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University of Hawaiʻi astronomer Adam Kraus and an Australian colleague have captured the first direct image of a planet in the process of forming around its star.
Kraus presented the discovery Oct. 19 at a meeting at NASA’s Goddard Space Flight Center after acceptance of a research paper by the Astrophysical Journal describing the young gas giant being built out of dust and gas.
What astronomers are calling LkCa 15 b appears to be a Jupiter-sized gas protoplanet surrounded by a swath of cooler dust and gas that is falling into the still forming planet located inside a wide gap between the young parent star and an outer disk of dust.
“LkCa 15 b is the youngest planet ever found, about five times younger than the previous record holder,” said Kraus. “For the first time, we’ve been able to directly measure the planet itself as well as the dusty matter around it.”
Kraus, an Institute for Astronomy postdoctoral researcher, and Michael Ireland, of Macquarie University and the Australian Astronomical Observatory, combined the power of the 10-meter Keck telescopes with a bit of optical sleight of hand.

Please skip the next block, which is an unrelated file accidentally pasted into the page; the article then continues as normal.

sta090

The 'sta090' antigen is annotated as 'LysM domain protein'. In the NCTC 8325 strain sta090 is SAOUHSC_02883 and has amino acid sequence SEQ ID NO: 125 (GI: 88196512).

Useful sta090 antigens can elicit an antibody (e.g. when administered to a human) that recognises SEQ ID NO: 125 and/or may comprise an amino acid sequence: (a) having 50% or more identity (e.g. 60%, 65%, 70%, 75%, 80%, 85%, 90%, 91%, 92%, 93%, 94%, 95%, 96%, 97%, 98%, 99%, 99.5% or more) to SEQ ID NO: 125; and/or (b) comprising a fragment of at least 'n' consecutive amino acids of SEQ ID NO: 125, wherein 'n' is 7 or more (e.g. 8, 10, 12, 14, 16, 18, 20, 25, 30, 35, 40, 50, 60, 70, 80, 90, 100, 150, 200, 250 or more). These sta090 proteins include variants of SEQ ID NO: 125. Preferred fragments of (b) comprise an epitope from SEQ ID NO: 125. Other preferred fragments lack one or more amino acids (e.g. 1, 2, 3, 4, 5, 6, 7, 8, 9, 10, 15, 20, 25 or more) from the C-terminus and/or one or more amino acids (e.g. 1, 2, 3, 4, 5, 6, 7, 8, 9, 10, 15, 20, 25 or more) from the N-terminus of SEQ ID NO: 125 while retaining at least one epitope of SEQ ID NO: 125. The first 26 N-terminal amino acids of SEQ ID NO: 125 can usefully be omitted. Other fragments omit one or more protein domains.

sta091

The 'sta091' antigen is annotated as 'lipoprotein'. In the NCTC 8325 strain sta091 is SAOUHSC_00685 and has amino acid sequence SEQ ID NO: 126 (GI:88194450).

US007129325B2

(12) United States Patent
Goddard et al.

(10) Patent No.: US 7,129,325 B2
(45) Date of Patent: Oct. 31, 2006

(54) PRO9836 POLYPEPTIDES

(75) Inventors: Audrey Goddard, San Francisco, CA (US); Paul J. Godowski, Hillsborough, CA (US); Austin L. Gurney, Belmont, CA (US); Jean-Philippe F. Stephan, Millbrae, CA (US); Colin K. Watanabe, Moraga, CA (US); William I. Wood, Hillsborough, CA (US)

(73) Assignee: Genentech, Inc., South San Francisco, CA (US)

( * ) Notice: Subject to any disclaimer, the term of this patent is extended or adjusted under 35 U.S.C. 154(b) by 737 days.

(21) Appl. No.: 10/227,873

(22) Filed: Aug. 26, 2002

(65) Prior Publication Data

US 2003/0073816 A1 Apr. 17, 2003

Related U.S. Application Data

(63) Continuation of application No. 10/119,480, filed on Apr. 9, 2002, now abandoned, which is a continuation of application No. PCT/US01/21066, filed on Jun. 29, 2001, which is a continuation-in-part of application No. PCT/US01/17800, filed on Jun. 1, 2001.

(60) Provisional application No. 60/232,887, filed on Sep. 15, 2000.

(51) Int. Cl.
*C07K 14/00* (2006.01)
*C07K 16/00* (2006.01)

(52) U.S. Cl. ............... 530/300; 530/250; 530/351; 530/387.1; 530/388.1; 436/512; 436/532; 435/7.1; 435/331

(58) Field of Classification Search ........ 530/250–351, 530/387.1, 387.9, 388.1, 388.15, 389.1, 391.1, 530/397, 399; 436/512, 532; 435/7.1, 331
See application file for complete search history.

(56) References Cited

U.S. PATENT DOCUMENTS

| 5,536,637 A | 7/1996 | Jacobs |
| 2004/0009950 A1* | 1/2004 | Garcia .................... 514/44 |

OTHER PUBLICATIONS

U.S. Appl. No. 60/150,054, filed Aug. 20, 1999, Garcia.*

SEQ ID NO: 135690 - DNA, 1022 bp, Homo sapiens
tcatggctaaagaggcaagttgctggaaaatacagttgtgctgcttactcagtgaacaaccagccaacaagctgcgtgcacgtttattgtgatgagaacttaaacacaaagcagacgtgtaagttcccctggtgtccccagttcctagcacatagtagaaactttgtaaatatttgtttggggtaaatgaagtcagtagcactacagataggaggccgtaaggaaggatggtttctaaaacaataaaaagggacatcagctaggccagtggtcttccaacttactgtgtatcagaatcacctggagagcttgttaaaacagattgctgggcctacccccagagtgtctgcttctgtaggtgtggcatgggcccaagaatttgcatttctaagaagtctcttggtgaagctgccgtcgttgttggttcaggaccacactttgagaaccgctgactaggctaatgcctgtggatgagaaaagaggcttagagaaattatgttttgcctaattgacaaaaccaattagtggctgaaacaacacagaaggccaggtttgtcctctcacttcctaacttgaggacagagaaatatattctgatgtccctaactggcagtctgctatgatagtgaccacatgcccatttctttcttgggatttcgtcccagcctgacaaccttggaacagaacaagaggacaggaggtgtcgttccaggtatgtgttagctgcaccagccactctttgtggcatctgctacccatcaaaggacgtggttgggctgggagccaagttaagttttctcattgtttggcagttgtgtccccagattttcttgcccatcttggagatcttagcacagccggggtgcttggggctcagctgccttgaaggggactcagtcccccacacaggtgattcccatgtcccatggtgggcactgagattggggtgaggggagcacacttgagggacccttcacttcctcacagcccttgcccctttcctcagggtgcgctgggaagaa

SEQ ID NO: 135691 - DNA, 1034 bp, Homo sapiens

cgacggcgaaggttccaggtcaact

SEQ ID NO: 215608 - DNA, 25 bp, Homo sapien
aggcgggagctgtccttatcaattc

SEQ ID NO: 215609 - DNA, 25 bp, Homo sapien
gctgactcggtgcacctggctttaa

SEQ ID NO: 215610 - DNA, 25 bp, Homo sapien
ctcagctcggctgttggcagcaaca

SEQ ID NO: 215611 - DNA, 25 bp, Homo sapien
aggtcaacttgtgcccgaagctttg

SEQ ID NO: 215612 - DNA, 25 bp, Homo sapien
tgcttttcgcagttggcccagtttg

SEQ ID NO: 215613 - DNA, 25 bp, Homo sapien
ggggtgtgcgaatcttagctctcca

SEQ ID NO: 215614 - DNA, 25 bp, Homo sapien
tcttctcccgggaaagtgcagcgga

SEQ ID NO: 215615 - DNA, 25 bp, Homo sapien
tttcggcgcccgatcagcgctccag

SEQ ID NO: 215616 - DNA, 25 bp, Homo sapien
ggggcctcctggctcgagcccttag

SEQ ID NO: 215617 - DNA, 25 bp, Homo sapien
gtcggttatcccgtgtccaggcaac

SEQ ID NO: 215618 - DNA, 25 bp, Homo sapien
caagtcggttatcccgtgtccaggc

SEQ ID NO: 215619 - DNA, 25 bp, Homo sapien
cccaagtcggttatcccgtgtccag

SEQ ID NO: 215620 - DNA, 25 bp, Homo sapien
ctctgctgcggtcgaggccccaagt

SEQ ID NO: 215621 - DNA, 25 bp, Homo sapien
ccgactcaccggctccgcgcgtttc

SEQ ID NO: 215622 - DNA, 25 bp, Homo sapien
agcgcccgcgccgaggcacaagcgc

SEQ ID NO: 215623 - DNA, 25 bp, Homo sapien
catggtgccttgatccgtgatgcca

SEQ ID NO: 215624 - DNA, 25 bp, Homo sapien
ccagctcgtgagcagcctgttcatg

The astronomers combined the power of Keck’s adaptive optics with a technique called aperture mask interferometry. Adaptive optics uses a deformable mirror to rapidly correct for atmospheric distortions of starlight. Interferometry uses a small mask with several holes to manipulate the light waves collected by a large telescope.
“It’s like we have an array of small mirrors,” explained Kraus. The technique allows the astronomers to cancel out the bright light of stars, and then resolve disks of dust around stars and see gaps in the dusty layers where protoplanets may be hiding.
Interferometry has been around since the 1800s, but only in recent years coupled with adaptive optics to view nearby young stars. “We’ve been trying to push the technique to its limits using the biggest telescopes in the world, especially Keck” on Mauna Kea, said Ireland.
After surveying 150 young dusty stars in star-forming regions, the astronomers concentrated on a dozen stars. “LkCa 15 was only our second target, and we immediately knew we were seeing something new,” said Kraus.
Investigation of a faint point source near the star at varying wavelengths revealed a super Jupiter-sized gas planet and allowed the researchers to measure the dust and gas surrounding it.
“We’d found a planet at its very beginning,” said Kraus, who plans to continue observating LkCa 15 and other nearby young stars with Ireland to construct a clearer picture of how planets and solar systems form.